A Happy Musical Accident

Cape Breton is well known for its traditional music and those who perform it. You don’t even need to hear the last name to know who I mean by Natalie, Ashley or Rita. While I have been fortunate to perform with these great artists as an adult, I didn’t hear our own music in my home or any of the homes of my friends when I was younger. I was into the American popular music that I listened to on my Sony six-transistor radio late at night.

Many of my childhood friends (Including Sam Moon) played in bands, but not me. I wanted to be an actor. After doing dozens of plays in college, I auditioned for my first paying acting gig in 1972. Leon Dubinsky (writer of Rise Again) and Frank Mendleson had created Theatre On the Island, a Cape Breton based theatre company.

My audition with Leon was going pretty well until he asked me if I had any talent other than acting. I wanted this job so badly that I blurted out, “Yes, I also sing and dance.” I still don’t know where that came from since I had never done either!

Within a few weeks, I was the MC of a variety show touring around Cape Breton where I was also required to sing two songs. The advice I got from one of the musicians I confided in about my zero singing experience was to act like I could sing. Cool. I could do that. I had a deep voice and could act like I was Kris Kristofferson.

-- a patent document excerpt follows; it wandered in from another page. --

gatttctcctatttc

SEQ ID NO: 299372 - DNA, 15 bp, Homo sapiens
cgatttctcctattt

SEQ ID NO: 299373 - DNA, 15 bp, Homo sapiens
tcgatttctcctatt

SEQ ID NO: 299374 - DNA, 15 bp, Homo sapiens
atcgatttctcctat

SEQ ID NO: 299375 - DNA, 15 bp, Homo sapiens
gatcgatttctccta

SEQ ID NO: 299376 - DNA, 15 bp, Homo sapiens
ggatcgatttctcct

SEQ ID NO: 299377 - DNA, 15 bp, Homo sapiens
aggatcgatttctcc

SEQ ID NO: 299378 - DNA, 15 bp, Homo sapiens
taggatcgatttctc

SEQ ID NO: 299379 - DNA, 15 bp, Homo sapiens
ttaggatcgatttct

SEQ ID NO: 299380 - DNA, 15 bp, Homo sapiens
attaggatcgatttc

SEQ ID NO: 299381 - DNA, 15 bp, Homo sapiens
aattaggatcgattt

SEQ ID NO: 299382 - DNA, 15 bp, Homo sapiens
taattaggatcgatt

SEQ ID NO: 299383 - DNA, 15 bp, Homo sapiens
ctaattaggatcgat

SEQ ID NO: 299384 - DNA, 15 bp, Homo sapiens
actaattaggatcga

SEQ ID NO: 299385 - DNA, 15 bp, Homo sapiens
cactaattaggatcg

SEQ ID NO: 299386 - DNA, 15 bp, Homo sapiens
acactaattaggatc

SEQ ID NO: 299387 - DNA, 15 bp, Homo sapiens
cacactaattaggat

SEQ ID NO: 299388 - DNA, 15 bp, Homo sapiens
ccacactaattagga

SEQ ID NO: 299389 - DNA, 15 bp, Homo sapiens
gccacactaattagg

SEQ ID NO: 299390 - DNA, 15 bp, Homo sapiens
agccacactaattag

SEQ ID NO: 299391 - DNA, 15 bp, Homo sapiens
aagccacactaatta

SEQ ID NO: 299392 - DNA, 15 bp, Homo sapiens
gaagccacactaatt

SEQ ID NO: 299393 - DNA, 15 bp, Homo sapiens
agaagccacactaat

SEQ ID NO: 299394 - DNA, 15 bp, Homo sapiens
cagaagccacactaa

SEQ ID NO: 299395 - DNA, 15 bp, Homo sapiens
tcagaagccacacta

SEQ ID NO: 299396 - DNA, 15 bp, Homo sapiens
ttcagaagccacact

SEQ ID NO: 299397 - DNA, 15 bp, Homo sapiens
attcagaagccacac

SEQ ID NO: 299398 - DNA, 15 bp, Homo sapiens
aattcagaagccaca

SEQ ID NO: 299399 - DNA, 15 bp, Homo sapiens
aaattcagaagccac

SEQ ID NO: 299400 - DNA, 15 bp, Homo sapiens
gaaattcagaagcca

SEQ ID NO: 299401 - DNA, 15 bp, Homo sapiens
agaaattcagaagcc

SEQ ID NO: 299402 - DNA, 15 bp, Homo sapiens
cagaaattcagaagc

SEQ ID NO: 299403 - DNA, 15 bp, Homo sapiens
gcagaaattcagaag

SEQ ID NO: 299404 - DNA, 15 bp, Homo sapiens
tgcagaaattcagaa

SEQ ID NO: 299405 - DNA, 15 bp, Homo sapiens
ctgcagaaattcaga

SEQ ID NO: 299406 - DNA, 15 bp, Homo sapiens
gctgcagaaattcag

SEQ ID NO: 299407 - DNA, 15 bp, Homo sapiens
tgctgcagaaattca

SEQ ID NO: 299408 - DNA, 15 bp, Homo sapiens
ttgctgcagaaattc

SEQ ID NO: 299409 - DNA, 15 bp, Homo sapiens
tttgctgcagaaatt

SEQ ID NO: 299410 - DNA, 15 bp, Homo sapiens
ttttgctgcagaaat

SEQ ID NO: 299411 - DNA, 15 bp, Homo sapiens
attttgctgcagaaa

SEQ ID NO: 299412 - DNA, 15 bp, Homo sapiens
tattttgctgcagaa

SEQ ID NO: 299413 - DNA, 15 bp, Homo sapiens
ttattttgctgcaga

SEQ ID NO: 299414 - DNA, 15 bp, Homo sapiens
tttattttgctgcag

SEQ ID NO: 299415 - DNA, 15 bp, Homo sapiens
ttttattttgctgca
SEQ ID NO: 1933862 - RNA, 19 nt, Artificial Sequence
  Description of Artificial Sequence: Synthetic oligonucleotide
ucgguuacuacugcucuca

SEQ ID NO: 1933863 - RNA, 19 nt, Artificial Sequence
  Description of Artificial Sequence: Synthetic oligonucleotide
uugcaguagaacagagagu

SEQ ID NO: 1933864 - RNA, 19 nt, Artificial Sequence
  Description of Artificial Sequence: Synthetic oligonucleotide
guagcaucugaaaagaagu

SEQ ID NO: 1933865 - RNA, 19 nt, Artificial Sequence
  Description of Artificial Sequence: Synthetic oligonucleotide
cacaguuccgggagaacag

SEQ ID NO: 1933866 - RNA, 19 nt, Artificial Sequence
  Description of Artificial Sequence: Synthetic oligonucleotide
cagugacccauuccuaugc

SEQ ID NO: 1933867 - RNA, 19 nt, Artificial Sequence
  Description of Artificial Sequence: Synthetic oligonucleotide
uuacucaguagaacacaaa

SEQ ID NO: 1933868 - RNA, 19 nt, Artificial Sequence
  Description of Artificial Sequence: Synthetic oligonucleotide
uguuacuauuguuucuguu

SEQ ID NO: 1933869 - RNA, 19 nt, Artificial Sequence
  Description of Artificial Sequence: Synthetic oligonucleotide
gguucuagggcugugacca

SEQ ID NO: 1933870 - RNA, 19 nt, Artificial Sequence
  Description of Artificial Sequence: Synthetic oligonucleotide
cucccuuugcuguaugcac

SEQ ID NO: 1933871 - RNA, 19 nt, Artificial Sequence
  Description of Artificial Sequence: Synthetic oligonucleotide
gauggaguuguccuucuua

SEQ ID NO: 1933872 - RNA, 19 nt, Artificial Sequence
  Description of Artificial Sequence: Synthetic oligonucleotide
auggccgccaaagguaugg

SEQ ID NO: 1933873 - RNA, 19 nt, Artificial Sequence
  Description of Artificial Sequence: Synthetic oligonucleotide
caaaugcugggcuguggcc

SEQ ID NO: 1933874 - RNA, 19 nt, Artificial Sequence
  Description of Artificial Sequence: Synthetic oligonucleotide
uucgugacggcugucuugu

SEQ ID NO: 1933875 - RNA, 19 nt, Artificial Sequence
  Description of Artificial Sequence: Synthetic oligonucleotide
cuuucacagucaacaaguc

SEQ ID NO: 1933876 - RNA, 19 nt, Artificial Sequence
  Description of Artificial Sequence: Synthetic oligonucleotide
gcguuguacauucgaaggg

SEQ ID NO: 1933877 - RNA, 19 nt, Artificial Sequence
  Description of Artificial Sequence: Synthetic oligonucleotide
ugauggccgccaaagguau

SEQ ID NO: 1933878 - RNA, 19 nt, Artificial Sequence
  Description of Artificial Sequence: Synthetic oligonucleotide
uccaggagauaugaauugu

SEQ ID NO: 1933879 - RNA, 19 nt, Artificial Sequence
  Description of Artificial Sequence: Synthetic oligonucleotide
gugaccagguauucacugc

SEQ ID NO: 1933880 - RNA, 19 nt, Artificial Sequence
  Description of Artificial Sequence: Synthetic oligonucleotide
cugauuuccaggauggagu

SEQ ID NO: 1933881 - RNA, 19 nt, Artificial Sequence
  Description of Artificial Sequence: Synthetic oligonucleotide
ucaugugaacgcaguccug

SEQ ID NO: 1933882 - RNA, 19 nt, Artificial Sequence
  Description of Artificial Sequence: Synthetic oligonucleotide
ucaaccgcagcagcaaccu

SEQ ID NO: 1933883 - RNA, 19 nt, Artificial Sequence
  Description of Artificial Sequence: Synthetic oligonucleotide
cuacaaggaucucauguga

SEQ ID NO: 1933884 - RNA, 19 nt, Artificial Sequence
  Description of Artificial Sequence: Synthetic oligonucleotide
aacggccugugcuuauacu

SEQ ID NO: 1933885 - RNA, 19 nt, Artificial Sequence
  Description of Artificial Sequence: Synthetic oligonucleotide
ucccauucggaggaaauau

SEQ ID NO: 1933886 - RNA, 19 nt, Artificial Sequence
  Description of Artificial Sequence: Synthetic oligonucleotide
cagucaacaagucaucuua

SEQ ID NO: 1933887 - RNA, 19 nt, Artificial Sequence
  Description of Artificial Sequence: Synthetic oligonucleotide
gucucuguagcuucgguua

Then CBC Radio decided to record the show. You know how your voice sounds so unlike you the first time you hear it on tape? Well, I was in the CBC control room and heard one of the songs being played back. I really liked it and actually asked who was singing before I realized it was ME! Holy smokes! Talk about a game changer. That was the moment I knew I was a singer not an actor.

In future blogs I will be writing about how I got involved with Cape Breton’s wonderful traditional music and its practitioners.

A Happy Musical Accident

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